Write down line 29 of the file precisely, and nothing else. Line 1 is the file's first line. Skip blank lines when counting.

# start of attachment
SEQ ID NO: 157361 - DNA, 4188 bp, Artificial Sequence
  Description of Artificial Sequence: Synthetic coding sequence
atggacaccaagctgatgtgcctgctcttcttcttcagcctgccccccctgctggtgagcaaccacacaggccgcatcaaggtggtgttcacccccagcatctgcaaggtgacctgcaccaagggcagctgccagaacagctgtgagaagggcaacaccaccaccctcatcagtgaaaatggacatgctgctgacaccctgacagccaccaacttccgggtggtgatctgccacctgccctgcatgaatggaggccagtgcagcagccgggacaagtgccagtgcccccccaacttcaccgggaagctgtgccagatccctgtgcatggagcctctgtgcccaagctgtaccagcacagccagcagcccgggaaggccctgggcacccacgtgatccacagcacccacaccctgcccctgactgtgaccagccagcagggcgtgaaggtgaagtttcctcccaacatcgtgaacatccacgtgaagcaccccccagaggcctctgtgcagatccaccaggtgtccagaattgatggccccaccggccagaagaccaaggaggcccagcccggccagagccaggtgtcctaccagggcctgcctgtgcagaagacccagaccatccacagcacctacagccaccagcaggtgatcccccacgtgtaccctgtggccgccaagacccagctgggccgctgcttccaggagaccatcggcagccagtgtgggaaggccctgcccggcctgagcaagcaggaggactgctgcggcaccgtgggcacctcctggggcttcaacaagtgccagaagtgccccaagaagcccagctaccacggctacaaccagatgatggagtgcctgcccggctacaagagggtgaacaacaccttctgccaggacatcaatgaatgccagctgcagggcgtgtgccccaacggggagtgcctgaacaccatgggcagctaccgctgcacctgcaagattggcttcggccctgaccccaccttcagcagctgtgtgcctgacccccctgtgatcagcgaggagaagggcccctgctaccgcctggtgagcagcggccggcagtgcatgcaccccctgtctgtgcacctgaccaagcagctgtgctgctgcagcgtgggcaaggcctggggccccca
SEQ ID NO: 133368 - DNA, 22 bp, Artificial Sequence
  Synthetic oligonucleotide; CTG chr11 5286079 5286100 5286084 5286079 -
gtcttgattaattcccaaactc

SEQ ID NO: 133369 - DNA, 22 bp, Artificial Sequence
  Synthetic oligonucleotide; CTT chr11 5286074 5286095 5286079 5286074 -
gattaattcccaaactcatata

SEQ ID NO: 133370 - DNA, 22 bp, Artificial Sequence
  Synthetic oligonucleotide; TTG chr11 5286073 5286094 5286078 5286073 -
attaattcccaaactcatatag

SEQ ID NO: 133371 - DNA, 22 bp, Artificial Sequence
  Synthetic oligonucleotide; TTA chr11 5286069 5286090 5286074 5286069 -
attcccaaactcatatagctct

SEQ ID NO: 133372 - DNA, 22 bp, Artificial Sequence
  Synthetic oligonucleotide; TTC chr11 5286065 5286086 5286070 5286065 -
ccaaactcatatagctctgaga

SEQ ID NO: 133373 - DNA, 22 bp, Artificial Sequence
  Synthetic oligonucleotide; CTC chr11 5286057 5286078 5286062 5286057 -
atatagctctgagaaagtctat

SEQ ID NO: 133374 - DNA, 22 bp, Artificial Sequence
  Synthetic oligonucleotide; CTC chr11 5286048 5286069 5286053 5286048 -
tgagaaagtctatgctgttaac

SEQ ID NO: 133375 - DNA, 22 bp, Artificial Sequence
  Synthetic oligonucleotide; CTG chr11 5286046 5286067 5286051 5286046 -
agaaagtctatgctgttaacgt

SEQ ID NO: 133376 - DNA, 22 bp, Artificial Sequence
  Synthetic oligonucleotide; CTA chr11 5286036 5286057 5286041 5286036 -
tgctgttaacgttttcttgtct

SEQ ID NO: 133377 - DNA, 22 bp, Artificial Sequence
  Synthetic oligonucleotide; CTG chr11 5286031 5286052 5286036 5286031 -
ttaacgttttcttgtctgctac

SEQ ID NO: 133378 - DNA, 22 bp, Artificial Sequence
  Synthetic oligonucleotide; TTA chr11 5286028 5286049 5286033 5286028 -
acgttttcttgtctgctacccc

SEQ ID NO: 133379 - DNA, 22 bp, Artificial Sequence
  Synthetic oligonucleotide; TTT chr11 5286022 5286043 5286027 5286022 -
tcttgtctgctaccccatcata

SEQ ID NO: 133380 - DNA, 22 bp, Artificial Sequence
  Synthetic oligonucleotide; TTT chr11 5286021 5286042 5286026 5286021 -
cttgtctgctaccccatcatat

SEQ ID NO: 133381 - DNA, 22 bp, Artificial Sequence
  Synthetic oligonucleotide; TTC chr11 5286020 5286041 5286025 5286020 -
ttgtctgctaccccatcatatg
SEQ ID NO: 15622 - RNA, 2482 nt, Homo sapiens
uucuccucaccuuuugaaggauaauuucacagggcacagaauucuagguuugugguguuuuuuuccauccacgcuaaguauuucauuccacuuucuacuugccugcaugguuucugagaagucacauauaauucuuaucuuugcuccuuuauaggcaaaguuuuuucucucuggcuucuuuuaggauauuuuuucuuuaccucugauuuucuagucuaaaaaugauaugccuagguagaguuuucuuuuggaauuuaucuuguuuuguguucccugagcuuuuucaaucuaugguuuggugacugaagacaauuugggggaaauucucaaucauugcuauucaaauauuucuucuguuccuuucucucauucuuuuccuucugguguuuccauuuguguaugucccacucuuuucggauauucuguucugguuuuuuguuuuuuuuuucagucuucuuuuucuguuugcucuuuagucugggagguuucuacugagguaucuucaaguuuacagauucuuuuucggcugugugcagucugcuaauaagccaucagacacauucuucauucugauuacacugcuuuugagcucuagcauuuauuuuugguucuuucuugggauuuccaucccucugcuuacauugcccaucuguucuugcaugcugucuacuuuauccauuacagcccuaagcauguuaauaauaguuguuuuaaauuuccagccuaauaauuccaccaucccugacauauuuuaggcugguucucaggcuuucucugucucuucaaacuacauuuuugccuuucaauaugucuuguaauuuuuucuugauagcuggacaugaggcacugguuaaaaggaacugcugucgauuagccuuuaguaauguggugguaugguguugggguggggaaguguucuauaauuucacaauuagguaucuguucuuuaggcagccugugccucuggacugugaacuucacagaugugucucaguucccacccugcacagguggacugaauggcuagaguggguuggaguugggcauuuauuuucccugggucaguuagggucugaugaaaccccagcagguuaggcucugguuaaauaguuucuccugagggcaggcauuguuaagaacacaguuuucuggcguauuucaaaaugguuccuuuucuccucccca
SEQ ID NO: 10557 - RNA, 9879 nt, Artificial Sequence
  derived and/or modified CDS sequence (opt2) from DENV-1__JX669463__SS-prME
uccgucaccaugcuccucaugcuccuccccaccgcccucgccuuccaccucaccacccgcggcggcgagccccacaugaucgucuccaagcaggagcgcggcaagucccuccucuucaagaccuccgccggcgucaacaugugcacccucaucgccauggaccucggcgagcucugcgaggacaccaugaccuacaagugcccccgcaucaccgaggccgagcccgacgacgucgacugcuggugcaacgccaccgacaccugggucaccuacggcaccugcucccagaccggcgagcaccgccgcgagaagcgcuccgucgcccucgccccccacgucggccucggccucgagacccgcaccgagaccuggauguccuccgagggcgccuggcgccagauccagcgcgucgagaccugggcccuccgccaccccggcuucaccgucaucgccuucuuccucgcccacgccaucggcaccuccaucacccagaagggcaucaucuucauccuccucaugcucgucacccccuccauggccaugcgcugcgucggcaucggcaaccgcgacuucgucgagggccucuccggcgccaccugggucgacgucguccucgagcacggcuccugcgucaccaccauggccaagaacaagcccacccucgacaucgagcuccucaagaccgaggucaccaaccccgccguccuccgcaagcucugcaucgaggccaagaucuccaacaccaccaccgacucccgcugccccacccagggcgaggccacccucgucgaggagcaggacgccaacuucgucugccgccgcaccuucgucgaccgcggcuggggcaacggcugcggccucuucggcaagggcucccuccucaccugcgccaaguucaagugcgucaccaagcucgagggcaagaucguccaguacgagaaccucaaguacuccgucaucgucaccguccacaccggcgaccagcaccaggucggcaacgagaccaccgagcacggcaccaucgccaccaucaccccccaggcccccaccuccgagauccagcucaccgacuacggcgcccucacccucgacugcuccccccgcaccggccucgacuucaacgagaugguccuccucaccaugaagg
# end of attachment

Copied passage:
  Synthetic oligonucleotide; CTA chr11 5286036 5286057 5286041 5286036 -